Friday, March 12, 2010

Science and Politics

Daniel Sarewitz in Slate: "It turns out that science contributes most to politics when nobody really cares that much about it."

The author, claims that environmental issues seem to get more intractable, not less, when there is more science, since both sides can find some science to back up their positions. He says things were better when clean air and clean water legislation went through fairly quickly. Now, Yucca mountain as a site for nuclear waste disposal is never a slam-dunk for either side. This is OK as far as it goes, but he could go farther. Aristotle said politics is the master science or pursuit, partly because it determines which others are studied, to what extent, etc. We see examples today of people apparently committed to science who would rather be morally and politically "correct" than to stick to what the science says.

Sarewitz doesn't mention that the environmental movement may have invited a backlash with high-profile campaigns like the ones against acid rain or nuclear power--there was little attention to the costs and benefits of what was proposed, which is really all that decision-makers need to know. There was an emotional appeal to the idea that human actions are screwing things up somehow, and government needs to protect both us and nature. Climate change is the mother of all such theories.

My hobby horses: health and diet issues are often driven not by science but by fashionable ideas of what is aesthetically appealing. It used to be a status symbol to be at least somewhat fat--a sign of prosperity. You had to be rich to get fat. Now in the developed world practically everyone can get fat, so the rich make it a point to stay thin. Amazingly, there is a lot of argument to the effect that skinny is healthy, a sign that you have self-respect and discipline, that it makes you all-around a good person--with little bits of science or pseudo-science thrown in. There is a widespread sense that supermarket food--our most heavily regulated industry--is probably bad for you, and something else, harder to acquire or prepare, less appetizing, more expensive, possibly available only to the rich, is better for you.

Sarewitz sensibly says the case about costs and benefits needs to be made when it comes to specific proposals to deal with climate change. He also says: "Yes, there is a robust scientific consensus that human activity is causing the atmosphere to warm up."

I don't know if this is true, and I'll probably never read the scientific journals to find out. I think adding "robust" to "consensus" is an attempt to win a debate, and "scientific consensus" isn't quite the same as "truth." To some extent a fairly small group of people has been able to establish a brand new climate science, and then decide who counts as a climate scientist, who is published, etc. My understanding is that no one has established a dramatic warming in the 20th century. Proxy data from before about 1850 is even more uncertain.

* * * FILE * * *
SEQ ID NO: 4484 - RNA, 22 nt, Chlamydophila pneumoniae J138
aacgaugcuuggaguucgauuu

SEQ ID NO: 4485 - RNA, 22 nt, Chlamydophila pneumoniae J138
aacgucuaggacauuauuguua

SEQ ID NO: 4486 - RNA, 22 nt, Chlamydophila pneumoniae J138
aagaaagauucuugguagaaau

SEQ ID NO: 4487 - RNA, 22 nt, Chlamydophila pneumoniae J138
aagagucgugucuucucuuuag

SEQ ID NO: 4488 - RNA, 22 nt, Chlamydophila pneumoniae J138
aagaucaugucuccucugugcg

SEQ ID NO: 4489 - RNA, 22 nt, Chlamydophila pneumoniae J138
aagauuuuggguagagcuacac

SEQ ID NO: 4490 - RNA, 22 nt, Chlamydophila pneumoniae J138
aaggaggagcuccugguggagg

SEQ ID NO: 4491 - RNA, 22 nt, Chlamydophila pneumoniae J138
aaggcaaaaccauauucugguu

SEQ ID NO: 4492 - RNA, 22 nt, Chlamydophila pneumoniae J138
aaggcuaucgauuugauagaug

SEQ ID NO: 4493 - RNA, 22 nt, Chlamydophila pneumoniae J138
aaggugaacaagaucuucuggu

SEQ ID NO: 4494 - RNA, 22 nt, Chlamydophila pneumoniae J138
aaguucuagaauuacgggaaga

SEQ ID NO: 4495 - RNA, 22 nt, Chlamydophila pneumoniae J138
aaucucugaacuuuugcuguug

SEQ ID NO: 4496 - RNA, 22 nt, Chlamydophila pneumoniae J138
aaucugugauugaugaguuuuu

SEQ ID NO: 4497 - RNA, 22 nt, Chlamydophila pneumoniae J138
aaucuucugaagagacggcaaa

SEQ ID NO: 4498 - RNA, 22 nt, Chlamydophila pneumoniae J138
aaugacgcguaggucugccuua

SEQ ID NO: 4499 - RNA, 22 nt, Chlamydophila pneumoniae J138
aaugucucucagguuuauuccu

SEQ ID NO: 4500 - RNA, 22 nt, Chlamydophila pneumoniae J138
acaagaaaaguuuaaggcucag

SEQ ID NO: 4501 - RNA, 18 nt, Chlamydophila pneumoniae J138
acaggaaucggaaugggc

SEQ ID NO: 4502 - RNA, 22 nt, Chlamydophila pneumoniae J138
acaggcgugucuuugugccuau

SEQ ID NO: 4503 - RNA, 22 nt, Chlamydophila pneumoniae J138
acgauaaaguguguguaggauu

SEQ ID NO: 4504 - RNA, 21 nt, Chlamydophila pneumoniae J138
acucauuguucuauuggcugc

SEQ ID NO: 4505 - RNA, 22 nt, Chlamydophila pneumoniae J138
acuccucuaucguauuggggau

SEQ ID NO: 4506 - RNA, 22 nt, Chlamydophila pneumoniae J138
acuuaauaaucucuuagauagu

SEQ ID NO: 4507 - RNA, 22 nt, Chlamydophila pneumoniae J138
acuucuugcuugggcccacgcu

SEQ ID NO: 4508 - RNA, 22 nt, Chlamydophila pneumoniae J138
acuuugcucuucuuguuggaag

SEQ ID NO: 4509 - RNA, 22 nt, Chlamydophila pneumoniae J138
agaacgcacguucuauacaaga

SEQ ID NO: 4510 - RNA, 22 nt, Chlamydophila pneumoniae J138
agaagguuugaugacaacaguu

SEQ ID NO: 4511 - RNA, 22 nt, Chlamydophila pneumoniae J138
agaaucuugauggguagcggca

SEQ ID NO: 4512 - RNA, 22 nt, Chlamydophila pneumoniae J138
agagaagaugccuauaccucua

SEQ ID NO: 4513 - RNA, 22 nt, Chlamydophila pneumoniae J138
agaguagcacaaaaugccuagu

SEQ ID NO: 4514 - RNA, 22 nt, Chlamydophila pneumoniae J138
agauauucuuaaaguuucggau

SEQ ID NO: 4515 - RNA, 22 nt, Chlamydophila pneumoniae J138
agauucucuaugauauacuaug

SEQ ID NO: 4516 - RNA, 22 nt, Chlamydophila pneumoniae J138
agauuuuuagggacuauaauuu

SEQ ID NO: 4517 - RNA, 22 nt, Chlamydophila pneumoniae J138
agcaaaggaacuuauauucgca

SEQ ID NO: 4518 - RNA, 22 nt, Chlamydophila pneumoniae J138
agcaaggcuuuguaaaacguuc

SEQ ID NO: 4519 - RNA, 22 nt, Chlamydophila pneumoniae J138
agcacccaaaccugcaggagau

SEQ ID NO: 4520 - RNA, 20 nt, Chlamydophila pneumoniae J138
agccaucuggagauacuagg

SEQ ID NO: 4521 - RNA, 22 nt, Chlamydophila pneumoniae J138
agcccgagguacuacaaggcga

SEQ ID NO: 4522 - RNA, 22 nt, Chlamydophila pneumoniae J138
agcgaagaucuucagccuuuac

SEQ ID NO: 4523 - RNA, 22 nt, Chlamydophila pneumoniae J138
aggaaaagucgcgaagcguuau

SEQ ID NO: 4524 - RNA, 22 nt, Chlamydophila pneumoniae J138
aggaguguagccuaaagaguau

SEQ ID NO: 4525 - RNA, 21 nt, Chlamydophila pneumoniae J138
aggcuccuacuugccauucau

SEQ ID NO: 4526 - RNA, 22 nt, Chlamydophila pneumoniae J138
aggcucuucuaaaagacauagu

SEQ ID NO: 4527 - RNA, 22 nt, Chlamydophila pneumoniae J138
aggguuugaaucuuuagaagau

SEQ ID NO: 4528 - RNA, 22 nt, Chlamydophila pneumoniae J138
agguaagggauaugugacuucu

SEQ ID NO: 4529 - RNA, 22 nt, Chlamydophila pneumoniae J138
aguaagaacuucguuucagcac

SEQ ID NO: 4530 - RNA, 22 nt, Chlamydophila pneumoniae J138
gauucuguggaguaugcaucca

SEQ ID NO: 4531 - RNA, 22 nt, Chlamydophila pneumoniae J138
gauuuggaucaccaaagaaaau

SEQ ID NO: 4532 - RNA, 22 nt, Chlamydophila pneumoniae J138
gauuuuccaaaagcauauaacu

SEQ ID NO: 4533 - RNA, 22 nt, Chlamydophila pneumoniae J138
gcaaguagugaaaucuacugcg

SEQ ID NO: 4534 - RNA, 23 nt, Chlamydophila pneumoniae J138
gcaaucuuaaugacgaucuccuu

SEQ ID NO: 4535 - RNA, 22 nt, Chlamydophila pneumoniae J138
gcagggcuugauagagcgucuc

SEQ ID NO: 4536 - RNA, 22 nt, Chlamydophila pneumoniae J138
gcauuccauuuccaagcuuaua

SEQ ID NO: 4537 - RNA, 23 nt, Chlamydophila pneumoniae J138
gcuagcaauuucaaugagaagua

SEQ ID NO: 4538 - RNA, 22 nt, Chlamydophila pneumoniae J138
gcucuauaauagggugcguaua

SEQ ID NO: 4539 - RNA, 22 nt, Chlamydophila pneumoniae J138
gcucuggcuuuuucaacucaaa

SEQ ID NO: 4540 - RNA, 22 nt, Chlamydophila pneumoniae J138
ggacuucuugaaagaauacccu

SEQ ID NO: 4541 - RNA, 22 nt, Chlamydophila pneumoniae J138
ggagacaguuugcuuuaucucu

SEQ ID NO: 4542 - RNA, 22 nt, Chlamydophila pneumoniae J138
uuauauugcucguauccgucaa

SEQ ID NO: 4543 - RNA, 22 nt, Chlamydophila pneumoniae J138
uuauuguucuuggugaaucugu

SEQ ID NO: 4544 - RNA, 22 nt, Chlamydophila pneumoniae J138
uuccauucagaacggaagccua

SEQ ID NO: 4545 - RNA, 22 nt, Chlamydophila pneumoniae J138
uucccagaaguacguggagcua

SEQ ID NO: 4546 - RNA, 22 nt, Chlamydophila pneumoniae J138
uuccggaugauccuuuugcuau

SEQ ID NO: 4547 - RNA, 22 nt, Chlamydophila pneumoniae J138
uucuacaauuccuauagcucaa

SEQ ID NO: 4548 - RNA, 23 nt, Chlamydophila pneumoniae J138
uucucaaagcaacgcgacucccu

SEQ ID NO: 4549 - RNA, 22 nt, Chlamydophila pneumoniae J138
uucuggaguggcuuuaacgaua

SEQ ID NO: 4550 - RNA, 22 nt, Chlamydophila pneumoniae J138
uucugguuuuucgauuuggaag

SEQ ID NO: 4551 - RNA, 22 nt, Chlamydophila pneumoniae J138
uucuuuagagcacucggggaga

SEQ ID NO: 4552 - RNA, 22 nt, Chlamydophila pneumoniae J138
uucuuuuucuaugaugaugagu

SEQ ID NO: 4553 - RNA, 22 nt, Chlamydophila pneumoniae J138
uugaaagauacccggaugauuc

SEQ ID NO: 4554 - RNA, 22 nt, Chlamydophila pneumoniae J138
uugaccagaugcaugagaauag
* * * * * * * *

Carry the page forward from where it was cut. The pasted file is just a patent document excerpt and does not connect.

Whether any warming trend appears in the data depends to some extent on the methods that are chosen to select the most reliable monitoring stations, average them, and process or homogenize the data. Different methods yield different results, and part of the debate over CRU and IPCC have to do with whether the famous "warming" results can pass tests of statistical significance. It makes at least some difference whether there was a warming period, comparable to the 20th century, in both the medieval era and a few hundred years BCE. Those earlier warmings were presumably not man-made, and they do not seem to have been remembered as a crisis or calamity.

The most dire predictions of warming, etc. follow from the belief that there will be a feedback effect, and the temperature will increase at a much faster rate than the one claimed for the 20th century. That there is a greenhouse effect, I believe there is no doubt--likewise that man-made CO2 has increased dramatically since about 1850. But is the whole system closed in such a way that a small temperature increase can only lead to a large temperature increase? Or are there other factors at work--releasing heat, neutralizing it, or indeed causing cooling? I don't know, but I believe there is genuine debate about all of this.

When all of these questions are raised, the standard move is to refer to "obvious" developments: Arctic ice, Antarctic ice, glaciers, methane under the Arctic ocean, and Al Gore's farm in Tennessee being less lush and green than it was when he was a child. I believe each of those needs to be studied on its own. It's not clear any or all of these developments co-relate with the increase in man-made CO2. Yet for many people, it is a minimal test of sophistication and decency to say that they do. One wants to be on the right side.

Meanwhile, h/t to Bishop Hill for a reference to an abstract in a medical journal: "In the last 20 years there has been a progressive decline in the honesty of scientific communications."

Also a judge has finally ruled that thimerosal, a one-time additive to a common childhood vaccine, does not cause autism.

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